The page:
Titanic is a deeply flawed film. The dialogue is atrocious. The characterizations are thin. The plot ain’t anything we haven’t seen before. Even the visuals—once heralded as revolutionary—look sort of pedestrian now. (Of course, that’s the trouble with being revolutionary. You look like everybody else that comes after you.) Still, I love it. It’s a jaunt. It’s a ride. It’s a song and a grand, immense emotional experience. It’s what Hollywood does best, really.
But for me, the most unforgivable bit of Titanic has always been the end. Refresher: We’re back in the framing device with the old lady and her granddaughter aboard Bill Paxton’s ship. It is revealed that the old lady has had the jewel the entire time and has really only come aboard the treasure hunting ship so that she can throw it off the bow and lay it to rest down with Jack. This is stupid. That jewel is worth a fortune! Throwing it into the ocean is like setting money on fire. Even if you don’t want to live in luxury because of some Titanic-related guilt, you should still sell the jewel and give the proceeds to some worthy cause: charity! Your children’s education! Whatever! Throwing the jewel in the water is an act of selfish self-aggrandizement that puts old lady Rose firmly in the inconsiderate jerk camp. (Youthful Rose has long been a resident.) Homeless people are going hungry because Rose wanted some meaningless moment with the sea.
So, I was eager to watch the newly unearthed “alternate ending.” (It was apparently an extra on a 2005 DVD release of the film but millennials don’t watch DVDs and the internet only now became aware of its existence.) Does she sell the diamond and go to Beverly Hills and have a Pretty Women moment? Maybe she funds some orphanage for Dickensian youth? Maybe she created a scholarship fund in Leonardo DiCaprio’s name and blah blah blah. She does none of those things. Instead, this ending actually makes it worse.
No longer is Rose solely responsible for this little act of wealth destruction, but she makes complicit Bill Paxton, a treasure hunter. Bill Paxton, who has convinced investors to fund his expedition to find this stupid diamond. Bill Paxton, who lives in the world as it exists and not some Technicolor fantasy. In the new ending, Paxton has the chance to stop her from throwing the thing overboard. She puts it in his hand. He holds it. He becomes ensorcelled by the romance and lets her toss it off the boat and into the sea while one of his shocked minions runs around like an extra with his head cut off.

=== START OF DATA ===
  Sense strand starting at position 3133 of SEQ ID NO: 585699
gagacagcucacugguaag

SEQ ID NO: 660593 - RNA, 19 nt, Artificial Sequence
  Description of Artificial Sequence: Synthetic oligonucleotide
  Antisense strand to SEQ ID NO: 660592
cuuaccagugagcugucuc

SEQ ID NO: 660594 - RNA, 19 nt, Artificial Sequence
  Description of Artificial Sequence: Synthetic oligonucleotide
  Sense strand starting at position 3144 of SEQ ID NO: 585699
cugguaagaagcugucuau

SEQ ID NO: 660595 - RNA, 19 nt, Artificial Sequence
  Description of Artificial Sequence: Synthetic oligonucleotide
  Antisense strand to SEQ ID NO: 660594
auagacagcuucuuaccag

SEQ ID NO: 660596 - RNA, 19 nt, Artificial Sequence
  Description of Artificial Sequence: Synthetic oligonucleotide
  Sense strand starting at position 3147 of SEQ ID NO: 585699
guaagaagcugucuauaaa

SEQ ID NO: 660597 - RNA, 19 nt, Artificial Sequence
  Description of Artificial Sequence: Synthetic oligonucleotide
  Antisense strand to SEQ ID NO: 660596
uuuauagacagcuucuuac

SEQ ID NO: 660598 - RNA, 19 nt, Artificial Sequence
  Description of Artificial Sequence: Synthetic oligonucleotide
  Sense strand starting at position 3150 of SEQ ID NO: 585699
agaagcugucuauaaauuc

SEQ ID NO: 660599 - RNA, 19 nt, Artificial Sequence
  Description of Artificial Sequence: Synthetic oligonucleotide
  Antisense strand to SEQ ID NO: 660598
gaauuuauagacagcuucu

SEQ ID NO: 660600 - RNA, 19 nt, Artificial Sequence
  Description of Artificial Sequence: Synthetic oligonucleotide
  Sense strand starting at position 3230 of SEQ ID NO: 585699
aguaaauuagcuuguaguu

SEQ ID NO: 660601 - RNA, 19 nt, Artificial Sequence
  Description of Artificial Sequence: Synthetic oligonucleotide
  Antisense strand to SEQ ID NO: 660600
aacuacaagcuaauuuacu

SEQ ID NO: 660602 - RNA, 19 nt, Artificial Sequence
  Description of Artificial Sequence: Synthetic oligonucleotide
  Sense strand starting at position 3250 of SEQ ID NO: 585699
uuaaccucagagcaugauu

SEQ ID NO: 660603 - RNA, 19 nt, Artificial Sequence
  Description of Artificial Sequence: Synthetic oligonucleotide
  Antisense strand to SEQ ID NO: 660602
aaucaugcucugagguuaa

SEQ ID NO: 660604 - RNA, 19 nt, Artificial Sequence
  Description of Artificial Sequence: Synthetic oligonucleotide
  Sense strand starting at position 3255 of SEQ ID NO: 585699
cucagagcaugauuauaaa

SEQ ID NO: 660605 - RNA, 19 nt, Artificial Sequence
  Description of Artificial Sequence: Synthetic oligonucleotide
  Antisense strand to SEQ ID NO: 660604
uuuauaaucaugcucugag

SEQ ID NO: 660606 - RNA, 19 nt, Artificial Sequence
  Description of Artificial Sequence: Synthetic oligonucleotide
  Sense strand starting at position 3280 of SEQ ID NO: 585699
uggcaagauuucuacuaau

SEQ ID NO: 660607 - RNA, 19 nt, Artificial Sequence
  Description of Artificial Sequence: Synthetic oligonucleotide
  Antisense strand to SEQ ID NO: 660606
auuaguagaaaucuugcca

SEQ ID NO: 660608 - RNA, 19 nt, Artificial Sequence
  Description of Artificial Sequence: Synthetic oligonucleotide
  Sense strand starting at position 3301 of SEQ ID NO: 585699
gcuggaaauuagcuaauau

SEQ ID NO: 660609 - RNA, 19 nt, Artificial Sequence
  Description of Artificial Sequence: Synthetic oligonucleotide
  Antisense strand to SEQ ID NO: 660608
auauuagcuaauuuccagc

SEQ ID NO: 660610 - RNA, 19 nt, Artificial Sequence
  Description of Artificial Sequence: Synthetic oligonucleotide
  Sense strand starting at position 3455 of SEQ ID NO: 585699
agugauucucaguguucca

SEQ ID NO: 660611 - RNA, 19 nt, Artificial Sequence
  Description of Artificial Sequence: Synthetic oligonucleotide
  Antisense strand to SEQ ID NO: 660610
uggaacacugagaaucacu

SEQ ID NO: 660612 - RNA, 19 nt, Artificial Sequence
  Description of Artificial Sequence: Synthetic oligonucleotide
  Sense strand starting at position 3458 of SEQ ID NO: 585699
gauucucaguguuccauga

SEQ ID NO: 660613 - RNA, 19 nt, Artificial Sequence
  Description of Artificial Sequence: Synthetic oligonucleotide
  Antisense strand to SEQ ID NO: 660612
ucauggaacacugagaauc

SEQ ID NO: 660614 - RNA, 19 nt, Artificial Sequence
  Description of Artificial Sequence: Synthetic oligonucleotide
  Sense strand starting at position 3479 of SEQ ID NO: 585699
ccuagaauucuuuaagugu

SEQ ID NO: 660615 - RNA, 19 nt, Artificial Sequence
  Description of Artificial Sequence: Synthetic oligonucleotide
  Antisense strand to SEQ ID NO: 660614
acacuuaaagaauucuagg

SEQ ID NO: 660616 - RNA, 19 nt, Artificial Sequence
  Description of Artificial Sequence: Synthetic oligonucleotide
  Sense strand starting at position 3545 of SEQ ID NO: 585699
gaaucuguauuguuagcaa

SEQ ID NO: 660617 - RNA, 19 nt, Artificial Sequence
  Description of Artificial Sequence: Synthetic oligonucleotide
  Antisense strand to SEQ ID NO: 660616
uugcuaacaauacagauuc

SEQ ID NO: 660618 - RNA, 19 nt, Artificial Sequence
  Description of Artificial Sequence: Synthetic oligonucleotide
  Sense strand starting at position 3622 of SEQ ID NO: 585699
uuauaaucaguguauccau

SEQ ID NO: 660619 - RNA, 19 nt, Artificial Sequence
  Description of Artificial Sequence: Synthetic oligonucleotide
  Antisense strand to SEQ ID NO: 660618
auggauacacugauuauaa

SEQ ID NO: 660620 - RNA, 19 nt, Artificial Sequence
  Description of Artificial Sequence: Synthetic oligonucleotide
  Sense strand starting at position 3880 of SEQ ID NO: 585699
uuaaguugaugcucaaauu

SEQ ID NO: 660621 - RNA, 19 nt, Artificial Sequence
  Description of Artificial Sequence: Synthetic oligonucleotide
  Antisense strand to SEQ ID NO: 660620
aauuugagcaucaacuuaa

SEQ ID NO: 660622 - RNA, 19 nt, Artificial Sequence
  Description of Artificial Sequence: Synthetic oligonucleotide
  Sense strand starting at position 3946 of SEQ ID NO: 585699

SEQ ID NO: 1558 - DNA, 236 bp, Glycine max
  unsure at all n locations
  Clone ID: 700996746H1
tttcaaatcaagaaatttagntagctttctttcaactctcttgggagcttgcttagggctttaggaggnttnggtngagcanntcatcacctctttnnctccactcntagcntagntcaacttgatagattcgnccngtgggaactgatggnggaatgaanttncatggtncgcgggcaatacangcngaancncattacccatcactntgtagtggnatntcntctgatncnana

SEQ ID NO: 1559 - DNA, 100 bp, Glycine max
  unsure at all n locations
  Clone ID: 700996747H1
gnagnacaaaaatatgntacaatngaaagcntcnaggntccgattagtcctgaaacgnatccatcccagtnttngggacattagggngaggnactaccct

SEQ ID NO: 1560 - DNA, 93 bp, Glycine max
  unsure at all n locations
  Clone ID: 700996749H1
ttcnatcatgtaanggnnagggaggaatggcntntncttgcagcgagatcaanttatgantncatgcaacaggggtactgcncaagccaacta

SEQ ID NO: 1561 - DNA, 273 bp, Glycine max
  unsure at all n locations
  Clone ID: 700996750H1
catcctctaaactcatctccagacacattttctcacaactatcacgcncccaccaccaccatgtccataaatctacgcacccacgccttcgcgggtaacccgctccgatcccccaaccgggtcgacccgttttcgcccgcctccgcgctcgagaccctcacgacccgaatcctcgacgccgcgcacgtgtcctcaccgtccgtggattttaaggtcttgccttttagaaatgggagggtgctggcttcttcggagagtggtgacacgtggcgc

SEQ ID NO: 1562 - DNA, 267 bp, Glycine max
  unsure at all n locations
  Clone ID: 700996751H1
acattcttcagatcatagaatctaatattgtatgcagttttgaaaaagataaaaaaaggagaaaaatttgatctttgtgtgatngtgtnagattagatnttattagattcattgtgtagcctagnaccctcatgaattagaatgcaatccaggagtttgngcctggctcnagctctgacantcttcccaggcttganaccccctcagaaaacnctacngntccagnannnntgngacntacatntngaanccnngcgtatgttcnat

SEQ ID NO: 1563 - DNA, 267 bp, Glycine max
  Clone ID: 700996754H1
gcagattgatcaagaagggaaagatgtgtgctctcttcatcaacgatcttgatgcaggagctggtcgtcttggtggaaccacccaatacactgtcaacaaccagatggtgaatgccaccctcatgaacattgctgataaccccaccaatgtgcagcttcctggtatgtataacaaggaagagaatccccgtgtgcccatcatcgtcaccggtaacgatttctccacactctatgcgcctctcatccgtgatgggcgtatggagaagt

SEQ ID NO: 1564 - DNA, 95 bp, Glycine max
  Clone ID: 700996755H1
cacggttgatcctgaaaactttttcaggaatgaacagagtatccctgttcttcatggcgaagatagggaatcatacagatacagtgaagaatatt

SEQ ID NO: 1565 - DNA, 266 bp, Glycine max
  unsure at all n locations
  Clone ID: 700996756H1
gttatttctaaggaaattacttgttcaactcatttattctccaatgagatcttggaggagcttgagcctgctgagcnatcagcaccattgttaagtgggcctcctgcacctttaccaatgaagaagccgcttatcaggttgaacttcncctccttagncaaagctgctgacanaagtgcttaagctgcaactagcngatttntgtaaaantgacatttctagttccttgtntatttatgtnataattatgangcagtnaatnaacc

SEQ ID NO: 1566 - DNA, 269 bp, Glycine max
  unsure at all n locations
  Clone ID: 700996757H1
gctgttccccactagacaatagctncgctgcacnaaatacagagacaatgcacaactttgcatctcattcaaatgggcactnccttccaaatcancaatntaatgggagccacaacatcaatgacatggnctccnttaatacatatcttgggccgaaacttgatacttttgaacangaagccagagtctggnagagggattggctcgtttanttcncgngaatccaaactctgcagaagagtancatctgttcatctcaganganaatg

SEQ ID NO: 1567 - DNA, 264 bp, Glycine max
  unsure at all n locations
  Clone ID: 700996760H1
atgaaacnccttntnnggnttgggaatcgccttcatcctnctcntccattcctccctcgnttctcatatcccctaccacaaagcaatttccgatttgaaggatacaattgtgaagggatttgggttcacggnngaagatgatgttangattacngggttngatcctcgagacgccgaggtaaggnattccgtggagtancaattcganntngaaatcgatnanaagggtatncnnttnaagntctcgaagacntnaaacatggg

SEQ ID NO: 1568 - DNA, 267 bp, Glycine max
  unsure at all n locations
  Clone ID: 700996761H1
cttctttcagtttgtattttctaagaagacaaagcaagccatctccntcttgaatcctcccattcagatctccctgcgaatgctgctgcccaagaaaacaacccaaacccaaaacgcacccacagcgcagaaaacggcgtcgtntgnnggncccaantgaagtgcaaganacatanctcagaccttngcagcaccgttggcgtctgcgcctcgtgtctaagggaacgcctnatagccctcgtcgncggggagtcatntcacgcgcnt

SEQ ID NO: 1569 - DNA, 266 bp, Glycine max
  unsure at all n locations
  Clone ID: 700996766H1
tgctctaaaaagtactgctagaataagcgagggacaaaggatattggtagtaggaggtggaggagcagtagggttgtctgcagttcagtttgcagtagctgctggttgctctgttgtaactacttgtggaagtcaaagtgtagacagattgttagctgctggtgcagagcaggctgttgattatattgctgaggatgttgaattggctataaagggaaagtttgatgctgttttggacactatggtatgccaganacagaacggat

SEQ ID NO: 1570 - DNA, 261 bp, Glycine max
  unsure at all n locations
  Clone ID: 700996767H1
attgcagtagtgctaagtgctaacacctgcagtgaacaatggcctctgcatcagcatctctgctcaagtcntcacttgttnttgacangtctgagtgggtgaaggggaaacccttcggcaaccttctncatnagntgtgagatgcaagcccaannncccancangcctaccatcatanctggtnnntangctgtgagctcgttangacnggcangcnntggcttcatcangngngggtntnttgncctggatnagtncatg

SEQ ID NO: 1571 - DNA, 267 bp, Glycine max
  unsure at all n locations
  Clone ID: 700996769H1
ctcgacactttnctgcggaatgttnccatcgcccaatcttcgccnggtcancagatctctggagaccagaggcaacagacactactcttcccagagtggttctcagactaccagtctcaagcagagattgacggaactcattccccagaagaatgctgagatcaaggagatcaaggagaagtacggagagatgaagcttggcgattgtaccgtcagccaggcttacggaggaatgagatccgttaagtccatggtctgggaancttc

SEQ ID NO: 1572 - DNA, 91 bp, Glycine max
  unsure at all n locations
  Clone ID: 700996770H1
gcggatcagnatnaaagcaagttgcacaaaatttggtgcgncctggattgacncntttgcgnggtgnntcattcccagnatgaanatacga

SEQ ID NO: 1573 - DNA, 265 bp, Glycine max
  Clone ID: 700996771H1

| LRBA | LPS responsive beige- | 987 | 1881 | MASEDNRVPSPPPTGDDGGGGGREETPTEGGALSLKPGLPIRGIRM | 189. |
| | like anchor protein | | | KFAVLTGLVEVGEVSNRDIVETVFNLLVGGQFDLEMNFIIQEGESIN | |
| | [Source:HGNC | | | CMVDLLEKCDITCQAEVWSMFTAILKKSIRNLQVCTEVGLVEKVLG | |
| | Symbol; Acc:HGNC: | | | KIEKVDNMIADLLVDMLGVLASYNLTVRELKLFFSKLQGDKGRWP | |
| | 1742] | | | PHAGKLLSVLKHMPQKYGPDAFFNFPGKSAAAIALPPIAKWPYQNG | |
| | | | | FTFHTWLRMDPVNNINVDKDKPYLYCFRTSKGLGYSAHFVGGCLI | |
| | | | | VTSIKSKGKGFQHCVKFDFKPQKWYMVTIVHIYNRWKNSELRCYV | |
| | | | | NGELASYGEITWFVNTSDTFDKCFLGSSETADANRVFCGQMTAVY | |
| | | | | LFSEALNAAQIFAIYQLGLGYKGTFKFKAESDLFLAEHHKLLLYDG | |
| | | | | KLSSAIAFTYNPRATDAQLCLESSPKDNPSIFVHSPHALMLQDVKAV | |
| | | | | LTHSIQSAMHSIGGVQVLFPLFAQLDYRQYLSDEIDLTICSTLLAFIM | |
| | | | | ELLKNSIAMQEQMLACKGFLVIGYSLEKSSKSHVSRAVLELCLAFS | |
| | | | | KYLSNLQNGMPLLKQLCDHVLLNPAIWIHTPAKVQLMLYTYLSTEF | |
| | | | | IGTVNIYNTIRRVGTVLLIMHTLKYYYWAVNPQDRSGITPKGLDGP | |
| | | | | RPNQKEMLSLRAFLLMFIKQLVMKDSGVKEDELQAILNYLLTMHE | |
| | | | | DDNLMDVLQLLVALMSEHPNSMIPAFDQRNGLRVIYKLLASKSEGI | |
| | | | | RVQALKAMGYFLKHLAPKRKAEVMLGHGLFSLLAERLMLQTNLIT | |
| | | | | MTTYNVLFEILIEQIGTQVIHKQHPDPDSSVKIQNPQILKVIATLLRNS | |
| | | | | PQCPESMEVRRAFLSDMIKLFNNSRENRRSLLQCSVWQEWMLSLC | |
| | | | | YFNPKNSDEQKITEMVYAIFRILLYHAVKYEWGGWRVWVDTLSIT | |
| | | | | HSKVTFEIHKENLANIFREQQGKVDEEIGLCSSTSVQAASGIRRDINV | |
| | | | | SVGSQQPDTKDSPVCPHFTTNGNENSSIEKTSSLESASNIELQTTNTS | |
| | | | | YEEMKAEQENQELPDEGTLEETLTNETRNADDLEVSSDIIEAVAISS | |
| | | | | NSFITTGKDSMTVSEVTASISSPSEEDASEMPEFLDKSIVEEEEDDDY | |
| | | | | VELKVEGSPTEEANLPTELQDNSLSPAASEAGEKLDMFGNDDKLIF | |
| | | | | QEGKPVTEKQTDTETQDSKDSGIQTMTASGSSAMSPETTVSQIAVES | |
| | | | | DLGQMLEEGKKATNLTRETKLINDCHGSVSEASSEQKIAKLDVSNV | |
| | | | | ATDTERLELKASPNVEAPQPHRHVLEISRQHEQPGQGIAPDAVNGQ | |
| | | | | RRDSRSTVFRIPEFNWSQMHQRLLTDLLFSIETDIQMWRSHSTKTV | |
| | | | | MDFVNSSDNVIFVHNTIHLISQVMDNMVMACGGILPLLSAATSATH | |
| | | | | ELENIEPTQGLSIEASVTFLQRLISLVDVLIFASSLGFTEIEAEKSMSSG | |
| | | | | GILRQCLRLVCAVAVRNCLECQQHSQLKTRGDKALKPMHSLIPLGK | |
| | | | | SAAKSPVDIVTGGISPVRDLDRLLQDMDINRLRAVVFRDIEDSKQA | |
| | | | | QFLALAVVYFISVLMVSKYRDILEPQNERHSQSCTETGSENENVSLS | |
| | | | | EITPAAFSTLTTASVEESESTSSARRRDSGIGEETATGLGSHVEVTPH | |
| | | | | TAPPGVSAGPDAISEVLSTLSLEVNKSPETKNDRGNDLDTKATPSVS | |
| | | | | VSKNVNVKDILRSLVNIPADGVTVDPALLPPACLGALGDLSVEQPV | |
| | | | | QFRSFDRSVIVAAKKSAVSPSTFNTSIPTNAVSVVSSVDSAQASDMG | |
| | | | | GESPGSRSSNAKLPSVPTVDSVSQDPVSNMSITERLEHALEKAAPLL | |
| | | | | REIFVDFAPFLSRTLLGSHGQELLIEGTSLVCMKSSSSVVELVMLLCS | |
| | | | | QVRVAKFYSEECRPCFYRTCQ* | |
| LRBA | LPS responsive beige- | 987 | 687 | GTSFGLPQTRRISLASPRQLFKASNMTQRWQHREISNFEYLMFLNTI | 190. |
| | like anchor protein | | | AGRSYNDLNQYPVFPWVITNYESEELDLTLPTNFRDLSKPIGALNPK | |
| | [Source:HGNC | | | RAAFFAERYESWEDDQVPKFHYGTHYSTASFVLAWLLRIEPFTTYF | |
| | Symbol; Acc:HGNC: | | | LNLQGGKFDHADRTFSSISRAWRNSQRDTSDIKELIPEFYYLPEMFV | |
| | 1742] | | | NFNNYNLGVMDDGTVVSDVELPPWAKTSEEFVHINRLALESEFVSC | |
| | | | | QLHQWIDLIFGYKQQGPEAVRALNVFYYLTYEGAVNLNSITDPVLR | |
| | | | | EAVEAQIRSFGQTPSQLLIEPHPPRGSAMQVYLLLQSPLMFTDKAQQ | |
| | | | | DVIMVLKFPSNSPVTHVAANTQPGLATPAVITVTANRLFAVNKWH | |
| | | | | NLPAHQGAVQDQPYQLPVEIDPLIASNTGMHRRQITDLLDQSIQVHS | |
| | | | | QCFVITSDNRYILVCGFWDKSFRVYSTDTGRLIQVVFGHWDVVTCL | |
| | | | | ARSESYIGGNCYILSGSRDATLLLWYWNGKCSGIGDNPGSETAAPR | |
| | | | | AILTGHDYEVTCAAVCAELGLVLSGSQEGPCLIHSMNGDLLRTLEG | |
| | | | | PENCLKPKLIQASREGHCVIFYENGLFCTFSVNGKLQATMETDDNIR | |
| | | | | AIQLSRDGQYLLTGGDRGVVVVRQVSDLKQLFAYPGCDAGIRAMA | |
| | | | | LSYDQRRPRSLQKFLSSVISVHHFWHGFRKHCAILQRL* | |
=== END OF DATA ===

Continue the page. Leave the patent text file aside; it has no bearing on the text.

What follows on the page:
Where does Bill Paxton go from here? After the stone sinks to the ocean floor, he looks to Rose’s granddaughter and hints that maybe they should date, but he’s going to have a rough go of it finding time to wine and dine her once his backers learn about what he’s done and hit him with a bill for many millions of dollars. Titanic 2 is a courtroom drama set around Bill Paxton’s bankruptcy hearing. Bill Paxton’s life is now ruined. Let’s go further. Rose’s granddaughter’s life is also ruined. Her granddaughter and Bill seemed to really be hitting it off at the end and one of the rules of Hollywood movies is that if two people are flirting and hitting it off at the end of a film then the audience can assume that they immediately get married after the credits roll and are happy for the rest of time and laugh together and eat brunch together and sip champagne and feed each other strawberries together and die within minutes of each other decades later in one another’s arms because a life without the other isn’t a life worth living. That future—that destiny, the right of every romance film character—is not in the cards for Rose’s granddaughter if Bill throws that jewel into the sea. Rose sacrifices her granddaughter’s future bliss for some stupid romantic nonsense.
Rose is a monster.